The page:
4 comments.

  1. rajeev

    Dr. Basheer
    The threat to American interest is real. While we the citizens of emerging economies can hail the decisions which represent our capability to stand up to the developed (monopolist) economies, the situation for them is very disheartening. They stand to lose billions, apart from their influence and control over the world trade.
    But more than these very tangible losses, I feel that the real fear is stemming for the loss of image as the innovator and philanthropist for the world. By virtue of these envisaged attributes the developed countries were able to get the desired agreements. And to an extent allowed some provisions being incorporated in favor of emerging economies being confident that these lowly countries would never be able to stand up to exercise these rights. Example Article 7 & 8 of TRIPS agreement. They allowed these two provisions as a takeaway in lieu of many lop sided provisions of TRIPS in their favor. And these were allowed only because U.S. never imagined that these provisions would actually be realized.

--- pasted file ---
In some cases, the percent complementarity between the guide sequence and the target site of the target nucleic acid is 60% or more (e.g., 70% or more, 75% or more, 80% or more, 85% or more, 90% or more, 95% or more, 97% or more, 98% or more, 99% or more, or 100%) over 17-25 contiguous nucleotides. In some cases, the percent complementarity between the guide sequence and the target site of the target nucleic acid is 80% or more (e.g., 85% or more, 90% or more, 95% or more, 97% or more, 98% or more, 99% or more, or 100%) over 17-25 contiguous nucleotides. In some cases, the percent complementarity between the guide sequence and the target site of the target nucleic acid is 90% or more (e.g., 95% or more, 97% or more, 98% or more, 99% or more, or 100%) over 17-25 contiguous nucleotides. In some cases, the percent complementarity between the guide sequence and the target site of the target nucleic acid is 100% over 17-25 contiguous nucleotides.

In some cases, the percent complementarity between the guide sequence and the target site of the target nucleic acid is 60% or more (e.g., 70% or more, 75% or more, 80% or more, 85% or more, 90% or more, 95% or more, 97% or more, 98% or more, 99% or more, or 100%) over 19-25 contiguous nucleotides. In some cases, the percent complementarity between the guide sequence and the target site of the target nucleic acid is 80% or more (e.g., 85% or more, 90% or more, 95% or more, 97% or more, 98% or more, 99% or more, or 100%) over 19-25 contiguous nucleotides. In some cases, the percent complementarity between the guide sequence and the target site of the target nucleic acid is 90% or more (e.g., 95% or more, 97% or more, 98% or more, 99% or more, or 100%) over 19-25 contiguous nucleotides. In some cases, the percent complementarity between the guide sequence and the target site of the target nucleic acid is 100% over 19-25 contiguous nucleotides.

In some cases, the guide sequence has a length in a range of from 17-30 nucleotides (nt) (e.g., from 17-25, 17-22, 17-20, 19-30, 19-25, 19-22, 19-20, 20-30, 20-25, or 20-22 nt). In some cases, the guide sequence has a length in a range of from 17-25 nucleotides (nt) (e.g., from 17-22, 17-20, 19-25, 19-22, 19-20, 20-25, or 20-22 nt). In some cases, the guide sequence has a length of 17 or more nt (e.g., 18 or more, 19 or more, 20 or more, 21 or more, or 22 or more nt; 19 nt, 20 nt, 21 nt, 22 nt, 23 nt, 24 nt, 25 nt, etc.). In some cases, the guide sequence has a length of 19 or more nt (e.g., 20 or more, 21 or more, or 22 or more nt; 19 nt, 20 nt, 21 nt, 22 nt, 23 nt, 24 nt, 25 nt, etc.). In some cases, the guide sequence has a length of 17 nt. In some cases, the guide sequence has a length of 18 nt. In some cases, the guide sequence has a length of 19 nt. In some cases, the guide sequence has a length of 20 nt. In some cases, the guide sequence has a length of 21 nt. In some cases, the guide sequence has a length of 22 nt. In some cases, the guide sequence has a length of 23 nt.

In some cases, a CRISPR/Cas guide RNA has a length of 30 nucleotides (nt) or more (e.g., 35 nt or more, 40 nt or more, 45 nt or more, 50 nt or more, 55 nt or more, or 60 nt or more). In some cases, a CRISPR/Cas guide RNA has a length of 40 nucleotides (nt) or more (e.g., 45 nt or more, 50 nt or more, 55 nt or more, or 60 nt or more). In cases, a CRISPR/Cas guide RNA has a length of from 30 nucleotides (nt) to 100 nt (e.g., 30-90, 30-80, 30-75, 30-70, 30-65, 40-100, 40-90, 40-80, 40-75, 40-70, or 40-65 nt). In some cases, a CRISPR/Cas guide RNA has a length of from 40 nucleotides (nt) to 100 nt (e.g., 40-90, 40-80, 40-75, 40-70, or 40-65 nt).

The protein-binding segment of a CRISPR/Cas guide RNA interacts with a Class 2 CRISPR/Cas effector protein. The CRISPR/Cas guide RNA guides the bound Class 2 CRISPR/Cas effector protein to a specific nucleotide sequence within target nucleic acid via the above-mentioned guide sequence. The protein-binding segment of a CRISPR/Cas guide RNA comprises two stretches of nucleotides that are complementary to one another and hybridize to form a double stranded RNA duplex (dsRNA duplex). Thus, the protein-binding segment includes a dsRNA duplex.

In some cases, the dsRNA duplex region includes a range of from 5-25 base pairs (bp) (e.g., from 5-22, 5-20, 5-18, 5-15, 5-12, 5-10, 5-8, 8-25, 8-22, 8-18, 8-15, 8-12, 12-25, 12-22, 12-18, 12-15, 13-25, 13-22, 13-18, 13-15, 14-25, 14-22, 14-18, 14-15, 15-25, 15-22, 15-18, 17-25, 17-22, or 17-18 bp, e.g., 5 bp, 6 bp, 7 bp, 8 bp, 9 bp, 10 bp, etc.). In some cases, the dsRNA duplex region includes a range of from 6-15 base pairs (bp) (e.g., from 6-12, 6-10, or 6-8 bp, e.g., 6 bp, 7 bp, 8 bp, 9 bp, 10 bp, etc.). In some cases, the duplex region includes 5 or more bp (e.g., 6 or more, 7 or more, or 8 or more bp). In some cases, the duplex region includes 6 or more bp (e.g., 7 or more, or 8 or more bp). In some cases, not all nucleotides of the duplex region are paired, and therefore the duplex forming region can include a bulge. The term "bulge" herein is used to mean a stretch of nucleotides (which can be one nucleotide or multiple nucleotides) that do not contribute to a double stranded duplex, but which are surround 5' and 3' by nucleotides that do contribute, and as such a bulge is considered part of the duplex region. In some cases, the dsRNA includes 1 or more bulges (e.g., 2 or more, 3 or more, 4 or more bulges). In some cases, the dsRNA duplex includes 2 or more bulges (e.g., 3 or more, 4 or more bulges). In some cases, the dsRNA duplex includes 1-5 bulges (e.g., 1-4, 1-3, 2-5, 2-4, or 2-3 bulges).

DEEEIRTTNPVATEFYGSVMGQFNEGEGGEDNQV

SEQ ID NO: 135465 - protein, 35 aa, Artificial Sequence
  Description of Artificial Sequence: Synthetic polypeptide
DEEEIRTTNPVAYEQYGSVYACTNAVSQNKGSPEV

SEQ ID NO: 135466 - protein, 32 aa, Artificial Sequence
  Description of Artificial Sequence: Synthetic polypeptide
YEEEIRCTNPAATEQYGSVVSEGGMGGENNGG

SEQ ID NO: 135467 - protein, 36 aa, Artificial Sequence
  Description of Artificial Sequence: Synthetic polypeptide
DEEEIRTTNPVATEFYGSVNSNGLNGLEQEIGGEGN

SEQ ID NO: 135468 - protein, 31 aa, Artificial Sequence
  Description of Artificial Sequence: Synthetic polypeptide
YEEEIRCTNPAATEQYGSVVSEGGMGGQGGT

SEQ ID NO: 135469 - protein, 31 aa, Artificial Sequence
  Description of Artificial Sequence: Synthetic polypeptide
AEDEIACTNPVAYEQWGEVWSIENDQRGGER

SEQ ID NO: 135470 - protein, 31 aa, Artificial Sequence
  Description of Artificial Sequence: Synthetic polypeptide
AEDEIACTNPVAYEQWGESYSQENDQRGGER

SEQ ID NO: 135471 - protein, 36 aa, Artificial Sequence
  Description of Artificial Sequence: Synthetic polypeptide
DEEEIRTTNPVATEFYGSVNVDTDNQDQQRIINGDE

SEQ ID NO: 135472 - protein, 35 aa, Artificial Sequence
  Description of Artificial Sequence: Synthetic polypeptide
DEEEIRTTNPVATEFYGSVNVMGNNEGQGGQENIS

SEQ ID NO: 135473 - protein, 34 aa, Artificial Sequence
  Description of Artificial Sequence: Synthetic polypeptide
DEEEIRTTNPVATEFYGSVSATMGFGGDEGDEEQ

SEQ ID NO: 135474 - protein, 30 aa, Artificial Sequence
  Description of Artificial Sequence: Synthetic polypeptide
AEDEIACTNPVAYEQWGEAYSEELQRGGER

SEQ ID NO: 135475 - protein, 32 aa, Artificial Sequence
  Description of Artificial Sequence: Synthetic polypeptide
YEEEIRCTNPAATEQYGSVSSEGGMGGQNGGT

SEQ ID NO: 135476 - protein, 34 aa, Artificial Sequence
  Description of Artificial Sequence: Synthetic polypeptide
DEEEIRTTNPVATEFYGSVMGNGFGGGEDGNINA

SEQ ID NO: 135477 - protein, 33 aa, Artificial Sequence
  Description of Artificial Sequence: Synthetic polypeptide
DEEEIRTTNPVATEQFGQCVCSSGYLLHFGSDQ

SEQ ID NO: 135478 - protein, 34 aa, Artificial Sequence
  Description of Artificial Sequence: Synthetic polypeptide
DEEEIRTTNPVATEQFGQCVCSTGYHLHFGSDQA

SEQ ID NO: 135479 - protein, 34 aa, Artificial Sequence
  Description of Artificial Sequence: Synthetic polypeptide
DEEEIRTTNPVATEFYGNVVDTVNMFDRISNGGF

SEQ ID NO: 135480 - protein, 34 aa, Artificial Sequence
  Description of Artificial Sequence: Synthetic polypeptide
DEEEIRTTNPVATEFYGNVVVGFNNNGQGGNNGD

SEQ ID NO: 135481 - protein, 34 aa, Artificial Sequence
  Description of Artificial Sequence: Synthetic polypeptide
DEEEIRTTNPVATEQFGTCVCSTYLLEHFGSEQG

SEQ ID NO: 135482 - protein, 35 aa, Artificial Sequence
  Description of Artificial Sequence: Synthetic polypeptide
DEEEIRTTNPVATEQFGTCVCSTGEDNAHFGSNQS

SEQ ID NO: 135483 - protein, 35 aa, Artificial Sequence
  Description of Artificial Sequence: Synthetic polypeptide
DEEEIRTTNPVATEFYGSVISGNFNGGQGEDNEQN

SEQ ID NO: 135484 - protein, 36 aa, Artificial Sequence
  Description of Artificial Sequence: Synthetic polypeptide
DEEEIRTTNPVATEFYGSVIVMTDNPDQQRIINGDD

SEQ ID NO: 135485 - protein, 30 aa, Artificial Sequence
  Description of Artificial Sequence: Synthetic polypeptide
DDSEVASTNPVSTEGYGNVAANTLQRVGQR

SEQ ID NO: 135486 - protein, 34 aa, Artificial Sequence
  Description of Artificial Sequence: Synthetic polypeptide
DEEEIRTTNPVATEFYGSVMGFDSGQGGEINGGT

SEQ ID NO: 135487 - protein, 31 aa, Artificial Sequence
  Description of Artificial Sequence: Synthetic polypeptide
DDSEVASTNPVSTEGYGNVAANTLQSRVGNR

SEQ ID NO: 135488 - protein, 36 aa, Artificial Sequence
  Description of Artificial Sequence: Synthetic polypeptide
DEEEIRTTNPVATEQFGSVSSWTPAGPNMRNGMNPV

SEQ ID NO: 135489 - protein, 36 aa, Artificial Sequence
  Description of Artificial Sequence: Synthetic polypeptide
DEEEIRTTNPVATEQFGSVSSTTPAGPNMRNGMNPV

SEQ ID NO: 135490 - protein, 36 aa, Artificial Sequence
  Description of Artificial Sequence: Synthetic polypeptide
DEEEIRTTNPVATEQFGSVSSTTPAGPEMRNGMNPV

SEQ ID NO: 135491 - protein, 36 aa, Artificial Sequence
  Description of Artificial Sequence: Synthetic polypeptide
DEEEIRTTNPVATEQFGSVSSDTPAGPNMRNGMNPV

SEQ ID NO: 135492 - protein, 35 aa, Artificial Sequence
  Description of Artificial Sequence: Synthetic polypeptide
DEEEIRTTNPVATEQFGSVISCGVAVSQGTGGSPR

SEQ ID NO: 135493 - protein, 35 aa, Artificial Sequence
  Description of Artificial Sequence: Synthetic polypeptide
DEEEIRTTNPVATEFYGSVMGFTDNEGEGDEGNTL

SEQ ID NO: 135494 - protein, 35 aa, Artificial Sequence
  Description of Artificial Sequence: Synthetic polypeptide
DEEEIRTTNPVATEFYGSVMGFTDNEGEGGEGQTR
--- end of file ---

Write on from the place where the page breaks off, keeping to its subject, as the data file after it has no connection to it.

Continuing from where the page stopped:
The bane of Oligopolistic society that losses are hard to swallow. U.S will find it tough to handle. A camouflaged retribution is expected in next major international negotiations.
    R.K.jain
    patent Agent

    Reply
  2. Anonymous

    This would be first and last ever Compulsory license issued in India. No other officer would dare issue a CL fearing pressure from various quarters. Even Kurian resorted to giving the verdict only at the last possible moment before he quit for safer pastures.

    Reply